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|Paynesville Press - October 13, 2004|
Limited vaccine supply forces PAHCS to postpone flu clinics
Due to a limited supply of flu vaccines, the Paynesville Area Health Care System will have to postpone its annual walk-in flu clinics, which were scheduled to start this week.|
Last week, British officials closed a manufacturing plant in England owned by one of the United States' two flu vaccine suppliers, reducing the amount of vaccine available in America.
The Paynesville Area Health Care System (PAHCS) ordered flu vaccine from both companies, said clinic manager Dorothy Winkelman, so fortunately PAHCS has 700 doses, but that is not enough to offer the vaccine to the general public. PAHCS had planned to hold four walk-in flu clinics in October and November, but these have been postponed until PAHCS receives more flu vaccine.
First to receive the vaccines that PAHCS has received will be residents in long-term care, said Winkelman, who are at a high risk to get the flu.
Next, PAHCS will target people 65 years of age and older who have a chronic disease - such as diabetes, asthma, pulmonary disease, heart disease, or cancer - that puts them at risk. Anyone wanting to get the vaccine from PAHCS needs to contact their doctor and get a recommendation from their doctor that they should receive the vaccine, Winkelman said.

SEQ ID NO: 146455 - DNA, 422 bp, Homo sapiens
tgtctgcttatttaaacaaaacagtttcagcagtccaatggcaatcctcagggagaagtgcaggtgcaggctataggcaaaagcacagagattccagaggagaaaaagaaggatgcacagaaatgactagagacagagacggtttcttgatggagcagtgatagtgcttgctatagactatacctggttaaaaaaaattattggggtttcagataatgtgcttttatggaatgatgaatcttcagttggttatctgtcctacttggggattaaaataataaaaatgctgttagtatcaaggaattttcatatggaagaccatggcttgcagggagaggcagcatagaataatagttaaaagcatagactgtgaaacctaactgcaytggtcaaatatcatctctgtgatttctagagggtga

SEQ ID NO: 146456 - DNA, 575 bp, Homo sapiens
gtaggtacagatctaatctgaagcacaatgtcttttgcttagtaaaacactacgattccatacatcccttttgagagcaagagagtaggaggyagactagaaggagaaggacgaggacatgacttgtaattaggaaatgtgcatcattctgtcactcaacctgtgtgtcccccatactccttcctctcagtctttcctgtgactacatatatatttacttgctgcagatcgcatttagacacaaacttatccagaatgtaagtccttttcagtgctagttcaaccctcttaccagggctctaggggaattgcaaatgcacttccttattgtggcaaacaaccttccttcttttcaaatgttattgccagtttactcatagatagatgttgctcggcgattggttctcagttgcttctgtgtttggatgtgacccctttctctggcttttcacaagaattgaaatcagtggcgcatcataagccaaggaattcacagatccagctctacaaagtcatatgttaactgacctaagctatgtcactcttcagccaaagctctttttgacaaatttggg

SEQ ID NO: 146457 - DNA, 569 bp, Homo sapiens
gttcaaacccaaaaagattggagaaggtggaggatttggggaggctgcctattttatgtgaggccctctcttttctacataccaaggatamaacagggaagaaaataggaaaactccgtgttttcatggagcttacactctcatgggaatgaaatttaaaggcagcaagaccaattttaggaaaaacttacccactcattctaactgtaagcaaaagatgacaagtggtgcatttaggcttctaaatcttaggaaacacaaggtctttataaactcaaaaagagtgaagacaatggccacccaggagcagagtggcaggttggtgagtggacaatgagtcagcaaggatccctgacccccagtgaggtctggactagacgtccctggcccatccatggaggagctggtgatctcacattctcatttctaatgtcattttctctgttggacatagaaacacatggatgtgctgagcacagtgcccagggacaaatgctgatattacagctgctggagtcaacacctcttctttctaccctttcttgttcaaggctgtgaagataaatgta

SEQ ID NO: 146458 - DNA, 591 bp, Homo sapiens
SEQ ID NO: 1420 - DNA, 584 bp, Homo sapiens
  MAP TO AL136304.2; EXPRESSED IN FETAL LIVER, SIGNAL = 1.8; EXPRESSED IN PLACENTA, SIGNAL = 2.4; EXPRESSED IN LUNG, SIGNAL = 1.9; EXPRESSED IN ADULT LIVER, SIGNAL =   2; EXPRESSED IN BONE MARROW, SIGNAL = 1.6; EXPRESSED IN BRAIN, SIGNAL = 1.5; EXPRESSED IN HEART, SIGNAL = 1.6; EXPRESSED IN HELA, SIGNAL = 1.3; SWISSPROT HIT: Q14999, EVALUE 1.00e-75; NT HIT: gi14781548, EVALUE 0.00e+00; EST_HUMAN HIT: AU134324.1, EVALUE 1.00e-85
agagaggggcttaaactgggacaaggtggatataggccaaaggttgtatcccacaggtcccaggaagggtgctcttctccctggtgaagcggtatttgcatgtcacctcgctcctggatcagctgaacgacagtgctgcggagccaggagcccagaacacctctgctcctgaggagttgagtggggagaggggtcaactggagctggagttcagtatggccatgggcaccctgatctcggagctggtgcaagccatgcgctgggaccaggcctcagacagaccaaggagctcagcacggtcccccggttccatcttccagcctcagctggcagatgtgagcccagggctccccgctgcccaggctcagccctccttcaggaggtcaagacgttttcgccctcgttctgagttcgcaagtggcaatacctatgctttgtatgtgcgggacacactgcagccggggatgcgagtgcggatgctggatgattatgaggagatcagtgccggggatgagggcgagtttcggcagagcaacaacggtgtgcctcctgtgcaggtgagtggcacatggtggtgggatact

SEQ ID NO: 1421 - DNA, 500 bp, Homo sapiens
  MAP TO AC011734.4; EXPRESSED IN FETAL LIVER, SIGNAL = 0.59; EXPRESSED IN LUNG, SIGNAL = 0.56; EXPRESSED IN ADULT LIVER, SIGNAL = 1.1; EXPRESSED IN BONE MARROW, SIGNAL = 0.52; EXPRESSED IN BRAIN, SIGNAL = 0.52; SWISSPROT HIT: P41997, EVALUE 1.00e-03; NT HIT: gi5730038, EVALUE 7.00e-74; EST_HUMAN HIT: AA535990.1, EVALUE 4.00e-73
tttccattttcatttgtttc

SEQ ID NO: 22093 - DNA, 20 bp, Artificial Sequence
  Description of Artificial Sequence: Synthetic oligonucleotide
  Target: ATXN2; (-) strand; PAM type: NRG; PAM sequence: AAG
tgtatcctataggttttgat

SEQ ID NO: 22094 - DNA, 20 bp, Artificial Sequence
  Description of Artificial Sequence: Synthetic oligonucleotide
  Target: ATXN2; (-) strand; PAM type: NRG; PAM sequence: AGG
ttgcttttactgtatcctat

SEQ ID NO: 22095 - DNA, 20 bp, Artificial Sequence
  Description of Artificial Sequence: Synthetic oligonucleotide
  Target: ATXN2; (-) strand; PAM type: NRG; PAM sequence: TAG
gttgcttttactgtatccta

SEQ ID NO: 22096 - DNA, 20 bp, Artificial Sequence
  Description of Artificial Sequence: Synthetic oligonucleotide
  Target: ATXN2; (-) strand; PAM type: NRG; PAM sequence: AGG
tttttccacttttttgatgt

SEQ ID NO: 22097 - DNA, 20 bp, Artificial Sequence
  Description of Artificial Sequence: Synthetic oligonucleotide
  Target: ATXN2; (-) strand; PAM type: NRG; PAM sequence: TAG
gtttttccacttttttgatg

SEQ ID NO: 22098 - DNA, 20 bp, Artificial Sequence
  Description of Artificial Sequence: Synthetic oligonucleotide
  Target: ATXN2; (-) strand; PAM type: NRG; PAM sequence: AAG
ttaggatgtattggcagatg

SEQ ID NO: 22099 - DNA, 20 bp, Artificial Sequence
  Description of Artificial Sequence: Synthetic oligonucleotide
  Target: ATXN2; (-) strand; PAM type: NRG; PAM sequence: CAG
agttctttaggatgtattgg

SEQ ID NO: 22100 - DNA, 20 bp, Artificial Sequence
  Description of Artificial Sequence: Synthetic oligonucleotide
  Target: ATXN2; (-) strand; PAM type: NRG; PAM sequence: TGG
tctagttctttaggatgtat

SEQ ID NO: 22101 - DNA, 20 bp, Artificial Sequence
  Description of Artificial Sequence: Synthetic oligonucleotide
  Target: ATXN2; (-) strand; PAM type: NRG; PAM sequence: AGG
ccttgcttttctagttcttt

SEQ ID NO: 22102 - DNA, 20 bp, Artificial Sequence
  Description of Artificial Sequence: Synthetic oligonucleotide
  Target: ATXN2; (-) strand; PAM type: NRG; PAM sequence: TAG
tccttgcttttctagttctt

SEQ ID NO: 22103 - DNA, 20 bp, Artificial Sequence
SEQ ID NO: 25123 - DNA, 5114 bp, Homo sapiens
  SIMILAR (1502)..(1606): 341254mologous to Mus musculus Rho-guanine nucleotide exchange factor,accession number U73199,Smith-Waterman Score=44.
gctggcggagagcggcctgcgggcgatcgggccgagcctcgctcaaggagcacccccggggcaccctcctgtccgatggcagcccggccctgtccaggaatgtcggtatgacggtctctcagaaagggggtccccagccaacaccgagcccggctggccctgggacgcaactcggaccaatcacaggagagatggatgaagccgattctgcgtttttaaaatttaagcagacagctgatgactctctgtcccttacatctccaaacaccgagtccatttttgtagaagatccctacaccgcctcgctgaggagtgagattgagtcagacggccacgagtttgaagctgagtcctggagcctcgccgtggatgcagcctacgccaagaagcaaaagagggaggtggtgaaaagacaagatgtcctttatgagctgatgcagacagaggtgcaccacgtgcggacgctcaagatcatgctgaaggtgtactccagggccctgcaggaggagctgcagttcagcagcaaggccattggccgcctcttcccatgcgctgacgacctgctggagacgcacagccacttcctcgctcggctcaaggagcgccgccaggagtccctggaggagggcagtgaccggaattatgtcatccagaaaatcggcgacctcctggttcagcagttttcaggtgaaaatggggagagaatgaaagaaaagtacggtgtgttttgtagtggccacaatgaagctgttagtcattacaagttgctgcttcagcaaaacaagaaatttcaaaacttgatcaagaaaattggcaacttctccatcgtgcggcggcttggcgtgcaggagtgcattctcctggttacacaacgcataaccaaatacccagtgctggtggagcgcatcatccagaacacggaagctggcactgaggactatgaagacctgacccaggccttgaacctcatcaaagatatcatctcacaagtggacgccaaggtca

Because prime flu season in Minnesota is December and January, PAHCS will wait until the start of November to administer its current flu doses. The flu vaccine takes two weeks to provide maximum protection, and it decreases in effectiveness over time, explained Winkelman, so the November vaccination start should provide maximum protection.
PAHCS was lucky to order early and to get these 700 doses from the other vaccine manufacturer before the news broke about the vaccine shortage last week, said Winkelman. All of their vaccines are safe, she added.
Should PAHCS get more doses of flu vaccines, including pediatric vaccine, walk-in flu vaccines may be possible this winter.
Average adults, said Winkelman, may get sick from the flu but should recover, which is why health officials have targeted at-risk people with the limited flu vaccines. Many staff members at PAHCS have decided to forgo getting vaccines this year, said Winkelman, because they are healthy, though they are at greater risk to get the flu because of their work.
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